I had a good summer, on the chessboard: placed second in Paignton, qualifying for the British Championship. And then, a few days after I got home, I received an email which began like this....
Hello JustinpatzerThis came as a shock. A huge shock. Because I have not used outside assistance in my games. Nor thought of doing so.
Unfortunately your Chess.com account has been closed because we have determined it to be in violation of our Fair Play Policy.
We are always sad when we close any account. We want everyone to be able to enjoy chess. However, we must protect the integrity of the game and cannot allow players to use outside assistance in their games (advice from other players, chess engines/computers, etc).
What shocked me particularly is that I couldn't understand where they might be getting this from. I still can't.
- I hadn't beaten anybody much better than me. I hadn't even played anybody much better than me.
- I hadn't won lots of games in a streak. I hadn't even played lots of games. I hadn't won any more than I would expect to.
- I hadn't won games in spectacular style, with tactically brilliant moves. The most obvious thing about my games, to me at least, was how many good moves I'd missed.
I couldn't even see the point. I mean, I understand that people cheat - but I couldn't see how, or where, I was supposed to have done this. Or why, what I was supposed to have got out of it, how I was supposed to have benefitted.
So, assuming that some kind of mistake had indeed been made - and that mistakes will be put right - I got in touch with Chess.com as fast as I could, asking what this was about. They wouldn't say.
It turns out that they don't give any explanations. None. You don't get to see anything which might constitute a case against you. No specifics, no reasoning, nothing.
All they do is invite you to appeal, which is quite a hard thing to do since you have no idea what you are appealing against. Though they do suggest you give some details of your playing strength, which of course I did - and assumed that shortly this would all be put right. It wasn't.
And at that point, I ran out of goodwill towards Chess.com, and I got angry. And angry is what I have remained. I sent them some more emails, listing, in detail, a large number of mistakes in my games which simply weren't compatible with the claim they were making.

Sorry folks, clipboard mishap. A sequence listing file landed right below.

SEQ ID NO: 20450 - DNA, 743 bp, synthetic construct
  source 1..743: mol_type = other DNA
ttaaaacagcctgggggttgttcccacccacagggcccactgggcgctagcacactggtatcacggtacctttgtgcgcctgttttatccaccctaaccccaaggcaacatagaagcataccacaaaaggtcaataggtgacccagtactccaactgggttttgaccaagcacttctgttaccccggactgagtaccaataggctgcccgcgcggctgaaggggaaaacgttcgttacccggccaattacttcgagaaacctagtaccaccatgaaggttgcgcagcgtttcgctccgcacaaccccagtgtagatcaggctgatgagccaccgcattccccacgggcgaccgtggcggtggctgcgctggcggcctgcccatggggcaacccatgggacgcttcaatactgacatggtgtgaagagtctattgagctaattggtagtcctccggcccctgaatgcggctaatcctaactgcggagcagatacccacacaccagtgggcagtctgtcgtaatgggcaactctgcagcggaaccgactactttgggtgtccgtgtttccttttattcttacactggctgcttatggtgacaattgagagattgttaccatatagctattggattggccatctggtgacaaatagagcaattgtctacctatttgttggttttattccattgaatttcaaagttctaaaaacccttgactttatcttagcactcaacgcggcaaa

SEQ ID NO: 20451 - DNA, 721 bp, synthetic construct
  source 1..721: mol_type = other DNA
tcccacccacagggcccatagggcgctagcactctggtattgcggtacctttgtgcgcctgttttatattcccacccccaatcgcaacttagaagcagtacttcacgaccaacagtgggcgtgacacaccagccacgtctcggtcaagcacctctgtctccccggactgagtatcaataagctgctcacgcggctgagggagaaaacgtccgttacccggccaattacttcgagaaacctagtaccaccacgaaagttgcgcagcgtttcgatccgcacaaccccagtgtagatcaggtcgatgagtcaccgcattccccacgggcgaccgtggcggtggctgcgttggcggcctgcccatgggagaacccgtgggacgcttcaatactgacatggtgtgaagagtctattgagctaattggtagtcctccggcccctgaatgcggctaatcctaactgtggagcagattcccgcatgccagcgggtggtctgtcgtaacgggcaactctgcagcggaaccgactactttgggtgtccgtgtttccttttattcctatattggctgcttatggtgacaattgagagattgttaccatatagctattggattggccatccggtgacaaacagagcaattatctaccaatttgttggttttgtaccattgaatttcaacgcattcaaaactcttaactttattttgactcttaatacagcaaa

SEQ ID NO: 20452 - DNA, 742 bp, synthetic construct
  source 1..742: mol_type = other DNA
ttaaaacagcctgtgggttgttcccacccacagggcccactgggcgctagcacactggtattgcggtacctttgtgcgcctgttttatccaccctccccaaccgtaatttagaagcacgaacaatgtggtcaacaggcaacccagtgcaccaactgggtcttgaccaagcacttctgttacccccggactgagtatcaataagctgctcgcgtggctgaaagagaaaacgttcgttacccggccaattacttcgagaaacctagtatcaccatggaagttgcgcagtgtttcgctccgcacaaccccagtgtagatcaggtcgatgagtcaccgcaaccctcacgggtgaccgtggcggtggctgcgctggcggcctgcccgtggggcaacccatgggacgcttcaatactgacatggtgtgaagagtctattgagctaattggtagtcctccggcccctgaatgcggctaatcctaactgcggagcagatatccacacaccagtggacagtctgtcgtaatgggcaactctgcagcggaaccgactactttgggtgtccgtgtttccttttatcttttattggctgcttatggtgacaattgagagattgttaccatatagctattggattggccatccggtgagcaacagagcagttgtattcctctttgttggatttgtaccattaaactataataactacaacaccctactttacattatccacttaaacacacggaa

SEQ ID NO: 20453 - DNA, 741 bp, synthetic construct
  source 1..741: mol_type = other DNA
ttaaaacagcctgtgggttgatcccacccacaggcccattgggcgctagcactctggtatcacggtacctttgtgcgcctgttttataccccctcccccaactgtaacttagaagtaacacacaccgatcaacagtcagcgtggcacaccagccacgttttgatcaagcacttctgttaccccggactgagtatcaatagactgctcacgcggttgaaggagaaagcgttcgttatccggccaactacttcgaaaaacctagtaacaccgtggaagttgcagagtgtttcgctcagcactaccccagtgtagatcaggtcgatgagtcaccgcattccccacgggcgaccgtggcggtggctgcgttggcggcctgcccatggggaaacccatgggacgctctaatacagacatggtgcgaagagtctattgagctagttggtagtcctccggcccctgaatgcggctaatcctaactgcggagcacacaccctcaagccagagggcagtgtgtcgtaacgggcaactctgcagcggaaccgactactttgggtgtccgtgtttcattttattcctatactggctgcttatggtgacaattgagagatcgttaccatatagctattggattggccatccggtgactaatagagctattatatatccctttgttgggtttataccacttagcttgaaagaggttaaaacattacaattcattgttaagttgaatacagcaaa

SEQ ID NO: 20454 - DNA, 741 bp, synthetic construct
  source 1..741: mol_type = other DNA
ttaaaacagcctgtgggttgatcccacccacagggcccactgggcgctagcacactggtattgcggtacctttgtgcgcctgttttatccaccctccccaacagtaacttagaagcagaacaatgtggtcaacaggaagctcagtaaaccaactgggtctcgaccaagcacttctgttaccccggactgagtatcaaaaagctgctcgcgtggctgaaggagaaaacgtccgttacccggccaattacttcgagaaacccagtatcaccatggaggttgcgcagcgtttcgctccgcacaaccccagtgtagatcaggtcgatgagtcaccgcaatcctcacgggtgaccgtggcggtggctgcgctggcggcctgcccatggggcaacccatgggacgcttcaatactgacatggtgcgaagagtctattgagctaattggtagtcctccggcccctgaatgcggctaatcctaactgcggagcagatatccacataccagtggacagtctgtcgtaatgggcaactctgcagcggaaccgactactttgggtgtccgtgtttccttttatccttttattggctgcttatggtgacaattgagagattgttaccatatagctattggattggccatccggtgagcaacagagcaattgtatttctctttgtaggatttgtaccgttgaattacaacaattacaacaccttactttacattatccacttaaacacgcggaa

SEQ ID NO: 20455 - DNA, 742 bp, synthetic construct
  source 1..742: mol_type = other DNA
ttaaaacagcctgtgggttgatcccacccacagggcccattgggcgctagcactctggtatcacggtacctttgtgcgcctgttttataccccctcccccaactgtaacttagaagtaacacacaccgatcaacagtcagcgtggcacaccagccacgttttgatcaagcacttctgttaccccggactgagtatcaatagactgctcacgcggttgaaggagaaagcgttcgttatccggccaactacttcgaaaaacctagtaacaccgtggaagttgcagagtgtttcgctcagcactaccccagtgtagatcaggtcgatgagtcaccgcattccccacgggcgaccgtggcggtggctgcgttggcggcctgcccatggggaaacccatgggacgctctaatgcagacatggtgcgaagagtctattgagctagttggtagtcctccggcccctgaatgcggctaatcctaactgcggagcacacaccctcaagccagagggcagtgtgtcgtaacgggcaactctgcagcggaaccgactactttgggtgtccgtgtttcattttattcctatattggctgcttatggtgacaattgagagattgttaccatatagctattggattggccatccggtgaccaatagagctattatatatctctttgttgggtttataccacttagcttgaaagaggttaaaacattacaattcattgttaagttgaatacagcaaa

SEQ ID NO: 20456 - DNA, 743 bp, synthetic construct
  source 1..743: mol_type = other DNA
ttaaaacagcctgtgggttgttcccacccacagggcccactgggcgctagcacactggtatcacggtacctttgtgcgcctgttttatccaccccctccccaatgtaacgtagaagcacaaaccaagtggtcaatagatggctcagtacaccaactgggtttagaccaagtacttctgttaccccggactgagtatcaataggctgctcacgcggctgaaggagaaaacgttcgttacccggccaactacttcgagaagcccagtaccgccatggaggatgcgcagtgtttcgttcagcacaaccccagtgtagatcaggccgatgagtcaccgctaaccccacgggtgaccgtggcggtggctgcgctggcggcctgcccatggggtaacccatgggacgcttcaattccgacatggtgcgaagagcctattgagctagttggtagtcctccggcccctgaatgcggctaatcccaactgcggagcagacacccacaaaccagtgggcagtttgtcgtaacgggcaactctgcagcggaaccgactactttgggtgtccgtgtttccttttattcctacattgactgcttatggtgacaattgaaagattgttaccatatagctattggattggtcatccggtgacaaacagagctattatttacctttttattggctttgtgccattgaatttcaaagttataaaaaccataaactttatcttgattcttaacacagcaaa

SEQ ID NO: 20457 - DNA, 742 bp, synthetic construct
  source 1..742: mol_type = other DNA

They had no interest in hearing it.
So I was put in the position in which Chess.com had put me - and a nasty position it is. I could just accept it, let them call me a cheat, and hope nobody noticed or nobody cared. Or I could put all this in the public domain.
Who wants to do that? Who wants to have to discuss something like this in public?
Nevertheless, what I chose was to put it all in the public domain.
Partly, because I don't want to have to explain, some time down the track, how come this happened and I didn't make any fuss about it.
But mostly because - why should I just accept it? I've done nothing wrong. There is nothing for me to be ashamed of. I have nothing to hide.
So, I won't hide.
This isn't, by the way, the first time (nor the only time) Chess.com have pulled a stunt like this, libelling one of their users. You may perhaps wonder whether in this instance, somebody who lives in Europe is in a position to take legal action against a company based in Palo Alto, and you may have good cause to wonder.
But I am in a position to refer this to the court of public opinion. So in the next few posts, which will be published today, and linked to here, you can see:
- all my games on Chess.com since I began to play regularly
- some episodes from some of those games which illustrate what a nonsense this is
- some other aspects of my games which may serve to cast doubt on Chess.com's methods
- a conclusion, if it can be called that.
Have a look at the games, if you would. See what there is to be found.
But you won't find anything. Because there's nothing there.